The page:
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Black-Bellied Salamander

Fact File

Scientific Name: Desmognathus quadramaculatus

Classification: Amphibian

Size: Up to 8 inches

Distribution: This species occurs from central Floyd and Patrick counties westward to central Washington County, and northward to West Virginia. They live in or near streams, usually under rocks by day and emerge to forage at night, sometimes away from water on the forest floor.

Identifying Characteristics

The Black-bellied Salamander is a large, robust species with black, brown and orange marbling on the back. Belly is black. Like other Desmognathus species, the hind legs are larger than the front legs. Larvae have small whitish gills.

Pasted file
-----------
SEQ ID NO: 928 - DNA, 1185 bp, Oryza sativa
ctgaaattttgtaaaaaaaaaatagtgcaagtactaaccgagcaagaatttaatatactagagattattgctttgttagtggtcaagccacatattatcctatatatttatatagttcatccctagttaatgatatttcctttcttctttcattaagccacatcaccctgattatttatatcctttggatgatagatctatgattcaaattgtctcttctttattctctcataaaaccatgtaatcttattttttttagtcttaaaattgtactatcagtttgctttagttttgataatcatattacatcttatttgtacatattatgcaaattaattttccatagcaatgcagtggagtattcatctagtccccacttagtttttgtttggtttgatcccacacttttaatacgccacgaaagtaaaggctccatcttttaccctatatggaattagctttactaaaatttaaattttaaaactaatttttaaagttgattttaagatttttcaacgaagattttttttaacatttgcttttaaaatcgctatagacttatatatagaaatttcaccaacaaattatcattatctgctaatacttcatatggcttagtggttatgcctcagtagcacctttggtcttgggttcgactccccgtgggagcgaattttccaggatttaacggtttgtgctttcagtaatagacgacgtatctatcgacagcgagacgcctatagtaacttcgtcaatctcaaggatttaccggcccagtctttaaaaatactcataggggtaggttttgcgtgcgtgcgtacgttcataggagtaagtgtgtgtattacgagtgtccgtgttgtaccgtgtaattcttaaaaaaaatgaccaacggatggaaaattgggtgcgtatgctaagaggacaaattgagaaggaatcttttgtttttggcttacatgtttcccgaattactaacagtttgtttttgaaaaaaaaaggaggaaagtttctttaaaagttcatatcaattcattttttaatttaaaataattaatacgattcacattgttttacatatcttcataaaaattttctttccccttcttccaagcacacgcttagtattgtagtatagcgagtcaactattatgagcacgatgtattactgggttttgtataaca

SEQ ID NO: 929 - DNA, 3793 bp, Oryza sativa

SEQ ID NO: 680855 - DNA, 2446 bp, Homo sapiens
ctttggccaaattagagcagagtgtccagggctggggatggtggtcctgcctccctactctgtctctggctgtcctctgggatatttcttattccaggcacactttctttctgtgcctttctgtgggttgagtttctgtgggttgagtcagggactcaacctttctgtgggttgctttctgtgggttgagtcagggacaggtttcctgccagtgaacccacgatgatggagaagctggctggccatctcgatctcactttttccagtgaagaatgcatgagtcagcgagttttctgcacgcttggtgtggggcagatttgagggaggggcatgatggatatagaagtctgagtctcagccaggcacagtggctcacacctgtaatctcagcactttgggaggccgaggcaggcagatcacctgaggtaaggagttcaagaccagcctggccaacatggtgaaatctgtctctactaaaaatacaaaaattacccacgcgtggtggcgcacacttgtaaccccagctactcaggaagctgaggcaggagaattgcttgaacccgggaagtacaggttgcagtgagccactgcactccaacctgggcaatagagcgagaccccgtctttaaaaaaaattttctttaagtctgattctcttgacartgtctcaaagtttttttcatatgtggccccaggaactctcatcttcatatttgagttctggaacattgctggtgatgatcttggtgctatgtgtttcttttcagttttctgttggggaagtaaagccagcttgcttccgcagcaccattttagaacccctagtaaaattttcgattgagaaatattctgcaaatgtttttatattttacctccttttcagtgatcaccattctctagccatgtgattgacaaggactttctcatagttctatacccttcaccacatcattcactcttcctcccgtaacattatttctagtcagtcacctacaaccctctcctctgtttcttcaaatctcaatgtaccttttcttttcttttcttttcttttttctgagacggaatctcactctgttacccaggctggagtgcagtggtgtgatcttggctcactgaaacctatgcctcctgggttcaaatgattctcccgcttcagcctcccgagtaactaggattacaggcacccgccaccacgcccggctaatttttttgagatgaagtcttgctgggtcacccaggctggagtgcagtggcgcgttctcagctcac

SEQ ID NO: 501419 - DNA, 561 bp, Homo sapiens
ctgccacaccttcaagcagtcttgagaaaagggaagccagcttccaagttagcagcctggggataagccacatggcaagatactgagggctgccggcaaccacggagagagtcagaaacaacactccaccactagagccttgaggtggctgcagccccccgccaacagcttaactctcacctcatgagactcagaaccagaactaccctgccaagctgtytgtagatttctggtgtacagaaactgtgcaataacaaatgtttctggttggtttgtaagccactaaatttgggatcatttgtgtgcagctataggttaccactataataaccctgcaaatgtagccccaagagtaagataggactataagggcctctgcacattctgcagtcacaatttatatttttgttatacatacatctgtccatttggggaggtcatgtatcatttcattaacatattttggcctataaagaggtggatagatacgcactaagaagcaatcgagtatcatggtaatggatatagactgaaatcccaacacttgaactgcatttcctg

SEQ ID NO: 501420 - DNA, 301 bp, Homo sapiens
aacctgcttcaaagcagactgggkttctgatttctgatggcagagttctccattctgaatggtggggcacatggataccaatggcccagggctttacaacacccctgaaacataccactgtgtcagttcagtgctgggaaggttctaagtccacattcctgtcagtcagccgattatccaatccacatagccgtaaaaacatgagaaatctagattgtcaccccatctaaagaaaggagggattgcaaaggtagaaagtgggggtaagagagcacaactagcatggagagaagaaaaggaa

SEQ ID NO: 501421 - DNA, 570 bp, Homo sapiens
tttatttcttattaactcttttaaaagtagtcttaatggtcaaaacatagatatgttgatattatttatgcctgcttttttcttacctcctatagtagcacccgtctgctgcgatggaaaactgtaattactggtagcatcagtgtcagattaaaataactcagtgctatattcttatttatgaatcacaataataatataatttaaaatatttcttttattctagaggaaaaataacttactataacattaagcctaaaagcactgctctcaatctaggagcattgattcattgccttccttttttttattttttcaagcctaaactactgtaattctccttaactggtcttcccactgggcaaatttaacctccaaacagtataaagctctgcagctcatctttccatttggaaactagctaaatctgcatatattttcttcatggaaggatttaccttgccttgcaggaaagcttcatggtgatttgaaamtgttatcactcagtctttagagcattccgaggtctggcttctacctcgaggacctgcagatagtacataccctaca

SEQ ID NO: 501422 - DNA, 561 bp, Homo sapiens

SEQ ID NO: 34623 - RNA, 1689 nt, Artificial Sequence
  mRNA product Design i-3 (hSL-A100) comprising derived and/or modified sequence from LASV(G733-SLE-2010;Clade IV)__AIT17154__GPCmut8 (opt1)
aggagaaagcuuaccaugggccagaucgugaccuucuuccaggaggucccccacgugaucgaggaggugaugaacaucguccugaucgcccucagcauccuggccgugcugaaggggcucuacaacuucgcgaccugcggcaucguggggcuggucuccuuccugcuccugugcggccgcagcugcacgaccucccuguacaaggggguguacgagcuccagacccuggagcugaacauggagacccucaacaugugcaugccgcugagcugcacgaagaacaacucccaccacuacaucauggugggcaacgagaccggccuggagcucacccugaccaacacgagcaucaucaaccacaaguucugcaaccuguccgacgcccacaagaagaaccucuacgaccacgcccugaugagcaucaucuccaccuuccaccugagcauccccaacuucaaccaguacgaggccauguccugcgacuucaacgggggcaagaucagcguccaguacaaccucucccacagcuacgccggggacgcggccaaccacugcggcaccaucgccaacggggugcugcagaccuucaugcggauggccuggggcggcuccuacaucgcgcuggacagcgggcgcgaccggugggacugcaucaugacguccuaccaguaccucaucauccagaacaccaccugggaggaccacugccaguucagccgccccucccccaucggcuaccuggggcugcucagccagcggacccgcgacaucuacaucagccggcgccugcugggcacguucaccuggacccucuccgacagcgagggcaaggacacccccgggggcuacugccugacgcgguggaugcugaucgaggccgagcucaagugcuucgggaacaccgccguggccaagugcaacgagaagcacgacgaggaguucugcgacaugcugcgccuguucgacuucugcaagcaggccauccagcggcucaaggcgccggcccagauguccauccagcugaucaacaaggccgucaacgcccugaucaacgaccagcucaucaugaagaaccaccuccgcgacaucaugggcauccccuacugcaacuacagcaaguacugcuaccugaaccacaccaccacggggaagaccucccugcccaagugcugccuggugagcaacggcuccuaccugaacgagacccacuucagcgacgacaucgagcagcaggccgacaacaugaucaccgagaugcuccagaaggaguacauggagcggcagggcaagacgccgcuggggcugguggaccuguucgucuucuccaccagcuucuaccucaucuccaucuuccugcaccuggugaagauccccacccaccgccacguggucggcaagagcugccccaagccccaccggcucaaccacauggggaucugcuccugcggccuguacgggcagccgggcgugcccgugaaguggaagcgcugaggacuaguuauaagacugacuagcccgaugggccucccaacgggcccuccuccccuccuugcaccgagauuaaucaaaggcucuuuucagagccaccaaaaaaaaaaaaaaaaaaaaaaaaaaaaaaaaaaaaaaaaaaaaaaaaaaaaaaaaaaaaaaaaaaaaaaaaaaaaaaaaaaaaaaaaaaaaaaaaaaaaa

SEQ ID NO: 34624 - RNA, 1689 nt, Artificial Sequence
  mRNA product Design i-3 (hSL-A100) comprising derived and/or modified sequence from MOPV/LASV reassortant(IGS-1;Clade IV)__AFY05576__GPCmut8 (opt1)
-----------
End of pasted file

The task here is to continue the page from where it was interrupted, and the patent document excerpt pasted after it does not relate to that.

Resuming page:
Did You Know?

The Black-bellied Salamander is the largest species in the genus, and will consume smaller salamanders including members of its own species.

Role in the Web of Life

Mating probably occurs in late summer and fall. Females deposit up to 80 eggs in clusters, primarily May–June, to the underside of rocks in flowing water where they are well aerated. Females usually attend the eggs. Larvae hatch July–September and live off yolk for 1–2 months then consume aquatic invertebrates. Larvae take up to 4 years to metamorphose.

Conservation

Species appears to be secure in Virginia.

Last updated: February 22, 2021